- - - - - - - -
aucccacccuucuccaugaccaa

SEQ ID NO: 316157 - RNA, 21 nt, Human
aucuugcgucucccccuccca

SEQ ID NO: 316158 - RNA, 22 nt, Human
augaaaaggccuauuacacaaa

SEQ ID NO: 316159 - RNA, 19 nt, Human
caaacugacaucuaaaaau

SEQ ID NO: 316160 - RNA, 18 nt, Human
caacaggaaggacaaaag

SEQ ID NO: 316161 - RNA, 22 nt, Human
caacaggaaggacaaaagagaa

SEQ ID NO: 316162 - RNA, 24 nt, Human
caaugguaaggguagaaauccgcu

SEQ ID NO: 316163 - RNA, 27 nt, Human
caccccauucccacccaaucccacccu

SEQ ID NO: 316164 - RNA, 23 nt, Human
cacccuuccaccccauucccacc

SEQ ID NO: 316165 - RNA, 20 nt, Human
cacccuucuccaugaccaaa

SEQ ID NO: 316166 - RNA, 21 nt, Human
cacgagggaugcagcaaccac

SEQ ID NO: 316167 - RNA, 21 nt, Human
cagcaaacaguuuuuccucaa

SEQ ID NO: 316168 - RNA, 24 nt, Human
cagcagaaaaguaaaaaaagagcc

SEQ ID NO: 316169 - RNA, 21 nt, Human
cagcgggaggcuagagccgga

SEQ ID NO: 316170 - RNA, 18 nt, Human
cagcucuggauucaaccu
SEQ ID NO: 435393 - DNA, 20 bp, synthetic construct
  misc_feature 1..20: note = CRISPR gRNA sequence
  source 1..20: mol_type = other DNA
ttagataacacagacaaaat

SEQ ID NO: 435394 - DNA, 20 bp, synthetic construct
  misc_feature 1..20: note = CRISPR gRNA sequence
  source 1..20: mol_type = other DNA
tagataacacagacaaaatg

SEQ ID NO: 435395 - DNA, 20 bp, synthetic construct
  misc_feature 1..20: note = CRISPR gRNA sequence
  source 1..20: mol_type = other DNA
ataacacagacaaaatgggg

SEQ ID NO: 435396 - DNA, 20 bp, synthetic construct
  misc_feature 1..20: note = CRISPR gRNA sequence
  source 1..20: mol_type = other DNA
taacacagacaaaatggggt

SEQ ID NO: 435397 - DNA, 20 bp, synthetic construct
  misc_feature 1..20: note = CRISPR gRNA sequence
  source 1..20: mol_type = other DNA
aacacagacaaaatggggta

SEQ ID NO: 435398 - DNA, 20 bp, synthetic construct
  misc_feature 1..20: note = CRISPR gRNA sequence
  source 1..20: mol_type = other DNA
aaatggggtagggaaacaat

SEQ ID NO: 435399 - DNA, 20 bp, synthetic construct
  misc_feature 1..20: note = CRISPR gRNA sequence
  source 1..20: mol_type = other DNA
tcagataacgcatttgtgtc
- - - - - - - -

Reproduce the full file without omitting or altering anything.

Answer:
aucccacccuucuccaugaccaa

SEQ ID NO: 316157 - RNA, 21 nt, Human
aucuugcgucucccccuccca

SEQ ID NO: 316158 - RNA, 22 nt, Human
augaaaaggccuauuacacaaa

SEQ ID NO: 316159 - RNA, 19 nt, Human
caaacugacaucuaaaaau

SEQ ID NO: 316160 - RNA, 18 nt, Human
caacaggaaggacaaaag

SEQ ID NO: 316161 - RNA, 22 nt, Human
caacaggaaggacaaaagagaa

SEQ ID NO: 316162 - RNA, 24 nt, Human
caaugguaaggguagaaauccgcu

SEQ ID NO: 316163 - RNA, 27 nt, Human
caccccauucccacccaaucccacccu

SEQ ID NO: 316164 - RNA, 23 nt, Human
cacccuuccaccccauucccacc

SEQ ID NO: 316165 - RNA, 20 nt, Human
cacccuucuccaugaccaaa

SEQ ID NO: 316166 - RNA, 21 nt, Human
cacgagggaugcagcaaccac

SEQ ID NO: 316167 - RNA, 21 nt, Human
cagcaaacaguuuuuccucaa

SEQ ID NO: 316168 - RNA, 24 nt, Human
cagcagaaaaguaaaaaaagagcc

SEQ ID NO: 316169 - RNA, 21 nt, Human
cagcgggaggcuagagccgga

SEQ ID NO: 316170 - RNA, 18 nt, Human
cagcucuggauucaaccu
SEQ ID NO: 435393 - DNA, 20 bp, synthetic construct
  misc_feature 1..20: note = CRISPR gRNA sequence
  source 1..20: mol_type = other DNA
ttagataacacagacaaaat

SEQ ID NO: 435394 - DNA, 20 bp, synthetic construct
  misc_feature 1..20: note = CRISPR gRNA sequence
  source 1..20: mol_type = other DNA
tagataacacagacaaaatg

SEQ ID NO: 435395 - DNA, 20 bp, synthetic construct
  misc_feature 1..20: note = CRISPR gRNA sequence
  source 1..20: mol_type = other DNA
ataacacagacaaaatgggg

SEQ ID NO: 435396 - DNA, 20 bp, synthetic construct
  misc_feature 1..20: note = CRISPR gRNA sequence
  source 1..20: mol_type = other DNA
taacacagacaaaatggggt

SEQ ID NO: 435397 - DNA, 20 bp, synthetic construct
  misc_feature 1..20: note = CRISPR gRNA sequence
  source 1..20: mol_type = other DNA
aacacagacaaaatggggta

SEQ ID NO: 435398 - DNA, 20 bp, synthetic construct
  misc_feature 1..20: note = CRISPR gRNA sequence
  source 1..20: mol_type = other DNA
aaatggggtagggaaacaat

SEQ ID NO: 435399 - DNA, 20 bp, synthetic construct
  misc_feature 1..20: note = CRISPR gRNA sequence
  source 1..20: mol_type = other DNA
tcagataacgcatttgtgtc